Restoring the bateau

Posted Oct. 07, 2011, at 5:01 p.m.
Last modified Oct. 14, 2011, at 5:24 p.m.

The half-rotten bateau that had been sitting in the barn at Churchill Depot for the last 35 years has been restored by the Boat School, an affiliate of Husson University in Bangor. The Boat School, in Eastport, donated the time, materials and expertise for the restoration project.

Students working under the supervision of master boat builder Ed Scott provided the labor for the restoration project.

A bateau is a shallow-draft, flat-bottomed boat which was used extensively across North America, especially in the Colonial period and in the fur trade. It was traditionally pointed at both ends but came in a wide variety of sizes. The name derives from the French word bateau, which means boat. Its plural, bateaux, follows French word use.

The recently restored bateau on display at the Churchill Depot History Center in the heart of the Allagash Wilderness Waterway is of the design commonly used during river drives before World War II. It was the workhorse of the river drive, carrying men and supplies needed to successfully drive logs to mills downriver.

Our bateau is 28 feet long and 6 feet wide. The planking in the bottom of the boat is all chewed up from years of use by river drivers wearing caulk boots.

There are names and dates carved on the inside of the boat — Allagash names such as Jackson and McBrierty, with dates in the early 1930s. When you look at the boat, you can just imagine the lumberjacks following the drive downriver, keeping the logs moving along and the antics that must have gone on during that yearly event.

These are the same style of boats used by the American Colonial army during the Revolutionary War to attack Quebec City in 1775. That ill-fated attempt was led by then-patriot Benedict Arnold, who made his headquarters at the Colburn House in Pittston, now a historic site managed by the Bureau of Parks and Lands.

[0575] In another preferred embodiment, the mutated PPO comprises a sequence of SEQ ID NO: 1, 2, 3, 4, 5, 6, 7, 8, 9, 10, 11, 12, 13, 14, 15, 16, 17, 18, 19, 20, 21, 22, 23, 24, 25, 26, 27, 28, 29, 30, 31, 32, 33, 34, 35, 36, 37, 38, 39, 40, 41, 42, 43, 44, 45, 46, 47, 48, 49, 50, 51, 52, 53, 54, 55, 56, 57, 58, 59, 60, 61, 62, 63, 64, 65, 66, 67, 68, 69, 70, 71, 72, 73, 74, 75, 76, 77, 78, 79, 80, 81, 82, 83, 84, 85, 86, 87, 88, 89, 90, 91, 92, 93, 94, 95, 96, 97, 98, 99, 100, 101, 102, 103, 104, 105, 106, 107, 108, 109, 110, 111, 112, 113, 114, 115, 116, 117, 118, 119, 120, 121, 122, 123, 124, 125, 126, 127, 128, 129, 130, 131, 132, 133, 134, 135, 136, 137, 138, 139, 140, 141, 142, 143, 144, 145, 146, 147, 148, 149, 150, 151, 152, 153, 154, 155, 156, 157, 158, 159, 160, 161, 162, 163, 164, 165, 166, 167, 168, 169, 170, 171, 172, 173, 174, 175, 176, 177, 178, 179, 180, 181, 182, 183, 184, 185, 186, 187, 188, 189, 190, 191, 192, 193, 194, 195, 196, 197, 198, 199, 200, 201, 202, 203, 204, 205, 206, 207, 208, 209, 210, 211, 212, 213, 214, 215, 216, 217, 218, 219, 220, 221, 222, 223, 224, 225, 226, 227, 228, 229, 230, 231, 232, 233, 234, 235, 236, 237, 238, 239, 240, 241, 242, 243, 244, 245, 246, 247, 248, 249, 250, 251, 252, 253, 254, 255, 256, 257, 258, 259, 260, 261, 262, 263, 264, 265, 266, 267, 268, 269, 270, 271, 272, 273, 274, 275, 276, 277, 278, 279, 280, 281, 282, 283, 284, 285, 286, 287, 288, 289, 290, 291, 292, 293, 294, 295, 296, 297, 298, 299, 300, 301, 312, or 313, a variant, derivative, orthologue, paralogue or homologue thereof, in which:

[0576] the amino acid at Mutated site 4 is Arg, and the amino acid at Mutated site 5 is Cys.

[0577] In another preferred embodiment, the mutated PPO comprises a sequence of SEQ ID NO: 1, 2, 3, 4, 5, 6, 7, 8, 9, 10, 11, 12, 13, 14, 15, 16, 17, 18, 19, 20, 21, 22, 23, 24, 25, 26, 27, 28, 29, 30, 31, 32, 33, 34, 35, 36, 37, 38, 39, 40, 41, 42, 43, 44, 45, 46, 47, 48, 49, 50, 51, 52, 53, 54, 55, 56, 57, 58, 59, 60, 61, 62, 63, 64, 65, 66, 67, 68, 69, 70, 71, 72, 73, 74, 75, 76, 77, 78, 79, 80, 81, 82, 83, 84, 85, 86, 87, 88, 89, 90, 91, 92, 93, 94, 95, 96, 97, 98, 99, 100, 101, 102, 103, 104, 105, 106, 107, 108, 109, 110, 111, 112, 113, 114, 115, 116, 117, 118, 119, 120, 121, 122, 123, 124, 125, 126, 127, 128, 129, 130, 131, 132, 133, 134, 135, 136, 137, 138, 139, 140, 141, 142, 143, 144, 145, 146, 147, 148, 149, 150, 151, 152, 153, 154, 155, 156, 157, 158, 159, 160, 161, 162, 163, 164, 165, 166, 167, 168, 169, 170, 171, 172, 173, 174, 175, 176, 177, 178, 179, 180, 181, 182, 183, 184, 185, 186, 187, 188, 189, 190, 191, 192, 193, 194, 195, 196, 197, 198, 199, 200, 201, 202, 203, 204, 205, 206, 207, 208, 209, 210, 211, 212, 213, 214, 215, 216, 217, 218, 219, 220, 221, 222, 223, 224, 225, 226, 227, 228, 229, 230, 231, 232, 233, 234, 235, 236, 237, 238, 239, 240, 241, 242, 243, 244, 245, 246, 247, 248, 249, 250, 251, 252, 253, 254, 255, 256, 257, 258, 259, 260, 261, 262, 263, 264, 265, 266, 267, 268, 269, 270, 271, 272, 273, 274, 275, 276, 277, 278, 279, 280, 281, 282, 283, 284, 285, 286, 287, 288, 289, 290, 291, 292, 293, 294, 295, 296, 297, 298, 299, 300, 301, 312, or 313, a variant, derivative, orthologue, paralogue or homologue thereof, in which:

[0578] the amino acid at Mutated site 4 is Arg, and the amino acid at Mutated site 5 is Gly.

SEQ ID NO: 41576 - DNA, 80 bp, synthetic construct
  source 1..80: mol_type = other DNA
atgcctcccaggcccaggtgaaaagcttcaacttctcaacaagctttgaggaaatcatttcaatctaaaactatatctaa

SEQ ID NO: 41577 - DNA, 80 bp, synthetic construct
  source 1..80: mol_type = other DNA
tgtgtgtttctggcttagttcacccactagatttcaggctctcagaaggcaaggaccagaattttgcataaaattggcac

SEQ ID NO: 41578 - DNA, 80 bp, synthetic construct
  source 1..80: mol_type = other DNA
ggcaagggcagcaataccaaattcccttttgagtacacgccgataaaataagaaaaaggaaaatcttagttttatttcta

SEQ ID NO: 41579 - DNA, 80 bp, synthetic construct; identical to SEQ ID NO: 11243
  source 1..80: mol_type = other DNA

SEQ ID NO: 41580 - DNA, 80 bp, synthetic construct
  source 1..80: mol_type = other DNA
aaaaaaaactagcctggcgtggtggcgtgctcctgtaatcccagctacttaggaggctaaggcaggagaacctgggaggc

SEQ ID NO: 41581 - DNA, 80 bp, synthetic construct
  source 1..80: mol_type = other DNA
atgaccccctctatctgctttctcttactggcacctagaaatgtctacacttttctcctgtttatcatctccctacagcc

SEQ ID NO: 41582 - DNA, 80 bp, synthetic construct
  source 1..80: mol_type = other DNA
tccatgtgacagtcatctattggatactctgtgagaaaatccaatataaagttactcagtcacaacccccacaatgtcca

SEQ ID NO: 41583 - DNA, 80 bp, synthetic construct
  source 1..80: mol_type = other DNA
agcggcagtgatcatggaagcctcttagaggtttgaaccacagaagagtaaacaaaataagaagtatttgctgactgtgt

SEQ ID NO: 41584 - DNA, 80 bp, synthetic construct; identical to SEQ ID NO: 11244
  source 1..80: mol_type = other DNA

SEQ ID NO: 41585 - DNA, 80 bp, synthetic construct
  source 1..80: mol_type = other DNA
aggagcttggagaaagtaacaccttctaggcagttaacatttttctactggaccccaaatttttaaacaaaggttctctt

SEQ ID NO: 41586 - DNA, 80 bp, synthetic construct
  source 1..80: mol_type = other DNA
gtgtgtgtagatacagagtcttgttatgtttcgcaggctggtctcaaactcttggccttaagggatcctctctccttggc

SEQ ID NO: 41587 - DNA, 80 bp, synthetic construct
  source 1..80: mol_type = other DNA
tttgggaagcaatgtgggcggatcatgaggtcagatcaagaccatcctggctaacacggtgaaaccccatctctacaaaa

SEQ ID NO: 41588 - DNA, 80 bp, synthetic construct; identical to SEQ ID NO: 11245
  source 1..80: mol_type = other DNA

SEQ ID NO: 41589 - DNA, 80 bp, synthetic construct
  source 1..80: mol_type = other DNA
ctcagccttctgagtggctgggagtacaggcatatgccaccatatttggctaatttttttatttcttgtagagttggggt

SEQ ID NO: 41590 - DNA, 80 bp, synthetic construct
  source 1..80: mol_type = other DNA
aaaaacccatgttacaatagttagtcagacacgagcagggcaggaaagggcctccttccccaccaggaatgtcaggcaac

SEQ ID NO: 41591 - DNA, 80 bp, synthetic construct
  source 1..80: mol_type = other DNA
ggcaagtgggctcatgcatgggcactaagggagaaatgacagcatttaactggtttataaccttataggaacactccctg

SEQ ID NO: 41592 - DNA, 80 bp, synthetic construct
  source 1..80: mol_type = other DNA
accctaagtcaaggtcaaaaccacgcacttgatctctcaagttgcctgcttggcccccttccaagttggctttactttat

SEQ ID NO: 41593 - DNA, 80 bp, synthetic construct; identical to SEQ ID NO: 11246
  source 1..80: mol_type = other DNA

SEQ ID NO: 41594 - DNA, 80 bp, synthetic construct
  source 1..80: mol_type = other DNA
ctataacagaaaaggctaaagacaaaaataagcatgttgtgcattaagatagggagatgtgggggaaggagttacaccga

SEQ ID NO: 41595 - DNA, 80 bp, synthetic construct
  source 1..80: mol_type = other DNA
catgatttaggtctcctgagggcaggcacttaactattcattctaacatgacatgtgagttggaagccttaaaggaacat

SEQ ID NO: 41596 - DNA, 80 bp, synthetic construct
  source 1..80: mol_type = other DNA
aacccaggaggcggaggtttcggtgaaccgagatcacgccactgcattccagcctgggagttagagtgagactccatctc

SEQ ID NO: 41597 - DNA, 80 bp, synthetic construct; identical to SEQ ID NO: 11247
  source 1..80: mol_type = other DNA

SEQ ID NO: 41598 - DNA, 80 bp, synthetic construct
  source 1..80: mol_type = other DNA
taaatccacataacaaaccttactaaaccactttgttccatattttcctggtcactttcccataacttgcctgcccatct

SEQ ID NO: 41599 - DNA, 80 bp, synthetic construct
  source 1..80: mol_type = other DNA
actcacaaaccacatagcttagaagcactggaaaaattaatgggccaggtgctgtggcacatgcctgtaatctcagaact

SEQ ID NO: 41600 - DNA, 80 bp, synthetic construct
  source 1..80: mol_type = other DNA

I can’t imagine portaging boats as heavy as these across the height of land between the Kennebec and St. Lawrence rivers. It took eight people just to load our bateau onto a trailer for the trip to Eastport.

If you’re up in the North Maine Woods this fall hunting or sightseeing, stop by Churchill Dam to see the newest addition to the history center. The center also has a fully restored dump wagon that was used during the construction of Long Lake Dam, a restored velocipede used on the Eagle Lake West Branch Railroad and many other logging artifacts on display. There also are many pictures of the early settlement and logging activity along the Allagash, as well as replicas of Native American stone tools found along the waterway.

The river drivers and bateaux that once worked the waters of the AWW have been replaced by people paddling canoes and kayaks seeking opportunities for solitude and a closeness with the natural world on one of great canoe trips in America.

For information on the AWW, go to: www.maine.gov/doc/parks/ or call 941-4014, email heidi.j.johnson@maine.gov or write to the Bureau of Parks and Lands, 106 Hogan Road, Bangor 04401

Matthew LaRoche is superintendent of Allagash Wilderness Waterway.

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